I have a 2013 Toyota Venza and I unhooked the battery to clean the cables full of corrosion and re connected the battery. When I started it up it shut off immediately. After about 10-15 seconds I started it again and was back to “normal” in assuming it was the ecu resetting? Does this sound normal? Now a week later (today) my battery died to like completely no power to anything. It has been dead for about 4 hours now because I haven’t had time to go get a battery and such. How should I go about this? With it being completely dead for 4-5 hours?
No, that’s not normal. You need to determine why you have intermittency in your electrical circuits. Possibilities include a broken/intermittent battery post (internally; seen this), a fusible link blown, a relay gone flakey, and maybe even a key cylinder gone bad. If it’s a keyless ignition, you might even have a bad START button.
As always with power loss, check all your fuses before making any assumptions.
Unfortunately, with the exception of an internal battery problem or a bad fusible link, I know of no way to find the cause of this type of intermittent problem. A battery problem can often be found by simply wiggling the cables while the engine is operating (WEAR LEATHER GOLVES and eye protection!!!) or, since you currently have no power, wiggling the cables with the headlight switch ON and seeing if the lights blink. A fusible link may be evidenced by a bubbling of its insulation… if it’s the old fashioned type.
I wish I had a better suggestion, but until you find out why you have no power you’re stuck, and these are the first things that come to my mind.
How many miles on the car? If the throttle body is pretty dirty, the ECU compensates for that and stores it in the memory. When you disconnect the battery, the ECU resets to factory. The solution is to give it a bit of gas and drive around until the ECU adjust, OR clean the throttle body
Now, I am not sure why your battery is dead though, the corrosion seems out of proportion to a 2013 model. Someone has to check the charging system and the battery connections.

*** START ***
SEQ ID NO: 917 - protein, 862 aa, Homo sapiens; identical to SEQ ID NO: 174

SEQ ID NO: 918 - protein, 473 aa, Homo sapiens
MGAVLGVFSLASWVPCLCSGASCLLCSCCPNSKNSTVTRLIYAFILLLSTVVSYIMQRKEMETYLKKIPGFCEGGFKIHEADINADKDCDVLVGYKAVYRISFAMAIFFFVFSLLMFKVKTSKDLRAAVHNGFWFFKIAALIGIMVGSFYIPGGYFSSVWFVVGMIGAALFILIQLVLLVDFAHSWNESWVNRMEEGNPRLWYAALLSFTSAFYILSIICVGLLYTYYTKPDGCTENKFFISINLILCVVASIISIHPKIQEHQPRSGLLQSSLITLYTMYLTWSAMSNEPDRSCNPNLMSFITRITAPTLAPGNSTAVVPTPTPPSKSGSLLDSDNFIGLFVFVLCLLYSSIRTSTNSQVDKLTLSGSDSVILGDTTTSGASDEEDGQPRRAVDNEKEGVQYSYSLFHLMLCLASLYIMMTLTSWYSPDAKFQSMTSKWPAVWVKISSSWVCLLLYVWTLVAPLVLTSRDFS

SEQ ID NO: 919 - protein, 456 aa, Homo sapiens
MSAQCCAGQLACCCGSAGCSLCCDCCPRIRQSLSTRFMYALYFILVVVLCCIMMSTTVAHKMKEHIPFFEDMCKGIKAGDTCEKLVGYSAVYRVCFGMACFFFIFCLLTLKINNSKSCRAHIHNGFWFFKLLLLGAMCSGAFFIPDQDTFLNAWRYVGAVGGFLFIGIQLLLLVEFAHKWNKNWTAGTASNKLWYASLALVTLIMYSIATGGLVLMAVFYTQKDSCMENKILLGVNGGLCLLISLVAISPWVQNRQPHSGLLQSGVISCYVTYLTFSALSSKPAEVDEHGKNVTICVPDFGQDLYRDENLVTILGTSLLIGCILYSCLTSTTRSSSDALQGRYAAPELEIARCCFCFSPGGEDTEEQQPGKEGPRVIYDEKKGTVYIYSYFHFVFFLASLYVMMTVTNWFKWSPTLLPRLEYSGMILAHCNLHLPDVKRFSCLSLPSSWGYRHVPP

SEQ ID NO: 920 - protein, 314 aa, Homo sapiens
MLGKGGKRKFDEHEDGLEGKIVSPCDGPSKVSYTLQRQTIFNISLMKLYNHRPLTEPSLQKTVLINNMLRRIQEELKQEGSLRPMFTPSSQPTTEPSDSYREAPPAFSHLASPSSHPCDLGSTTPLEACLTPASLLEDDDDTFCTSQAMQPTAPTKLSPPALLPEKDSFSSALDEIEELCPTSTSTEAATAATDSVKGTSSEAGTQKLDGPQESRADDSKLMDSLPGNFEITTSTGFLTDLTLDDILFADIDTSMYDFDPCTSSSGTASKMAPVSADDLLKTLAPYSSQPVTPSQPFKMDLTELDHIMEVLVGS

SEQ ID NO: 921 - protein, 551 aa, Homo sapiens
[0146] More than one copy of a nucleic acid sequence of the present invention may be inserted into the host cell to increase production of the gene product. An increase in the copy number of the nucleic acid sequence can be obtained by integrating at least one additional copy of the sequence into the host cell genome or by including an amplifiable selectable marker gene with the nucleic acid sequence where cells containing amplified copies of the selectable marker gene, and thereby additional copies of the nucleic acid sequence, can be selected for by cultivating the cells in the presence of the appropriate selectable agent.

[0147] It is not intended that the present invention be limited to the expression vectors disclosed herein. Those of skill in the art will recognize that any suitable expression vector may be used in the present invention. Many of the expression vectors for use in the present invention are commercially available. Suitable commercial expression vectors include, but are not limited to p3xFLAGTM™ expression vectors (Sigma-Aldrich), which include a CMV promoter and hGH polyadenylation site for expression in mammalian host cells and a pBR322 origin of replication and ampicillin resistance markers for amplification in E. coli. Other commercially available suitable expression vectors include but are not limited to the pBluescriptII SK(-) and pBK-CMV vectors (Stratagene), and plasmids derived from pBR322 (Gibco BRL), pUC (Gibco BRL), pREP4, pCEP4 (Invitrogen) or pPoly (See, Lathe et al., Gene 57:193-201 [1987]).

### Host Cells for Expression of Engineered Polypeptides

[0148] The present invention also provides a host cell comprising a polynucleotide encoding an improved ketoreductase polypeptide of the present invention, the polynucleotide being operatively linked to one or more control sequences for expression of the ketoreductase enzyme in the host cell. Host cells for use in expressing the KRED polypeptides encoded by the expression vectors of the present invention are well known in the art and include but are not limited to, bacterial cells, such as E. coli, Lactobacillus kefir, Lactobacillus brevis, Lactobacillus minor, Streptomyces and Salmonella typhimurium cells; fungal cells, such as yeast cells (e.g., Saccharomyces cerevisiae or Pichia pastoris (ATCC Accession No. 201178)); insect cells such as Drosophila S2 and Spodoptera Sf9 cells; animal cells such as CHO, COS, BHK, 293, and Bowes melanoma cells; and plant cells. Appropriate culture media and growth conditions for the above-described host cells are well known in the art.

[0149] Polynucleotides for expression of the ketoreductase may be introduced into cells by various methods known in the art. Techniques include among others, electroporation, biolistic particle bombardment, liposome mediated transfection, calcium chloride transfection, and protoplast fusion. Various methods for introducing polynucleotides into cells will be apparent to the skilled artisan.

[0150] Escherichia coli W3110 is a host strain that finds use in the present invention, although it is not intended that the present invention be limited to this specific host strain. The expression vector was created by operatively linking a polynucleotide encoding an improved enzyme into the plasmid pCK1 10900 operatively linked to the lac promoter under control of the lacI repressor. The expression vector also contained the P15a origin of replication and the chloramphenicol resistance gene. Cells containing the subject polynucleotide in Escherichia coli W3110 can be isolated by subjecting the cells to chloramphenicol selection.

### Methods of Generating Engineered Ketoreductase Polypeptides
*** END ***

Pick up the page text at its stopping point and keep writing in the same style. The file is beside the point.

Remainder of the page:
Start and stall after connecting the battery is normal. The powertrain control module performs an electronic throttle body calibration the first time the ignition is turned on, this causes the engine to stall. To avoid this after connecting the battery switch the ignition on for a few seconds (push the start button twice without pushing the brake), to allow the PCM to calibrate the throttle body.
If your positive battery post was corroded the post is probably leaking due to a crack in the case, only a matter of time before it completely failed.
I agree with Nevada
Totally normal . . . for a Toyota with electronic throttle body
But now that the car is idling normally again, this will likely be the last we hear of it
Charge the battery w/a battery charger overnight at the 2 amp rate. 12 hours at that rate should give you 24 amp-hours charge, even if you start with a completely discharged battery, that should be enough of a re-charge to crank the engine.
I prefer to remove the battery from the vehicle when I do a re-charge like that. Do the recharge on the garage floor. Less chance of damaging the electronics in the car by hooking a connection to the wrong spot or the charger tipping over inside the engine compartment.
After that you’ll have to address why the battery discharged. Suggest to start with the above. With any luck the problem of why the battery went dead won’t come back.
The old battery is probably still under warranty, so check that out. My guess (a blind shot in the dark) is that the cables are not cleanly connected to the battery yet. Try again.
From the title I think he intends to buy and install a new battery. Recharging a leaking failed battery is a waste of time. I replaced 5 batteries last week, they fail.